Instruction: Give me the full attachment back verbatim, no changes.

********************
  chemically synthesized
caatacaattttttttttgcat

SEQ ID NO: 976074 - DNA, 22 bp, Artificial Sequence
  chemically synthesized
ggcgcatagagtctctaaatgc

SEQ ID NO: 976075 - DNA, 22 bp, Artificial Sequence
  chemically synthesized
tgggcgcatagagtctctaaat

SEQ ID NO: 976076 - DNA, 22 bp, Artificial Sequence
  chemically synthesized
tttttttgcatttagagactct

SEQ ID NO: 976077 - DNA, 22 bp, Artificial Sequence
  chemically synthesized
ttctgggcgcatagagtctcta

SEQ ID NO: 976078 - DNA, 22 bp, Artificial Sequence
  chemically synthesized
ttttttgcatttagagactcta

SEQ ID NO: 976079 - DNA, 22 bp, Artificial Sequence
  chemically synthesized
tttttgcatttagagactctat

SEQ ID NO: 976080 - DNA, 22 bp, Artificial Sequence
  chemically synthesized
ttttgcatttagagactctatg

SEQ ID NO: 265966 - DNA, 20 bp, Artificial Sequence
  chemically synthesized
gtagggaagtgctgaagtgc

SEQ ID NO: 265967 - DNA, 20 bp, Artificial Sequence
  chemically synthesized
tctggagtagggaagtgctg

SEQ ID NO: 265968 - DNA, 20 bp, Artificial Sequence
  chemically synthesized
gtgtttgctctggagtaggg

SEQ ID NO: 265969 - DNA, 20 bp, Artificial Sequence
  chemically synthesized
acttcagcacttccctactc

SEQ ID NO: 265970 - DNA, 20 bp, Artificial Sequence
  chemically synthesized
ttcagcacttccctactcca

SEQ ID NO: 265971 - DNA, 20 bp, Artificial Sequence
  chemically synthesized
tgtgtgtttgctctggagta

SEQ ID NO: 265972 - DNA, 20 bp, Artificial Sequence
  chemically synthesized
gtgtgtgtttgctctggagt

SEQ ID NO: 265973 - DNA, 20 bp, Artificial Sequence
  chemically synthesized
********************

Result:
  chemically synthesized
caatacaattttttttttgcat

SEQ ID NO: 976074 - DNA, 22 bp, Artificial Sequence
  chemically synthesized
ggcgcatagagtctctaaatgc

SEQ ID NO: 976075 - DNA, 22 bp, Artificial Sequence
  chemically synthesized
tgggcgcatagagtctctaaat

SEQ ID NO: 976076 - DNA, 22 bp, Artificial Sequence
  chemically synthesized
tttttttgcatttagagactct

SEQ ID NO: 976077 - DNA, 22 bp, Artificial Sequence
  chemically synthesized
ttctgggcgcatagagtctcta

SEQ ID NO: 976078 - DNA, 22 bp, Artificial Sequence
  chemically synthesized
ttttttgcatttagagactcta

SEQ ID NO: 976079 - DNA, 22 bp, Artificial Sequence
  chemically synthesized
tttttgcatttagagactctat

SEQ ID NO: 976080 - DNA, 22 bp, Artificial Sequence
  chemically synthesized
ttttgcatttagagactctatg

SEQ ID NO: 265966 - DNA, 20 bp, Artificial Sequence
  chemically synthesized
gtagggaagtgctgaagtgc

SEQ ID NO: 265967 - DNA, 20 bp, Artificial Sequence
  chemically synthesized
tctggagtagggaagtgctg

SEQ ID NO: 265968 - DNA, 20 bp, Artificial Sequence
  chemically synthesized
gtgtttgctctggagtaggg

SEQ ID NO: 265969 - DNA, 20 bp, Artificial Sequence
  chemically synthesized
acttcagcacttccctactc

SEQ ID NO: 265970 - DNA, 20 bp, Artificial Sequence
  chemically synthesized
ttcagcacttccctactcca

SEQ ID NO: 265971 - DNA, 20 bp, Artificial Sequence
  chemically synthesized
tgtgtgtttgctctggagta

SEQ ID NO: 265972 - DNA, 20 bp, Artificial Sequence
  chemically synthesized
gtgtgtgtttgctctggagt

SEQ ID NO: 265973 - DNA, 20 bp, Artificial Sequence
  chemically synthesized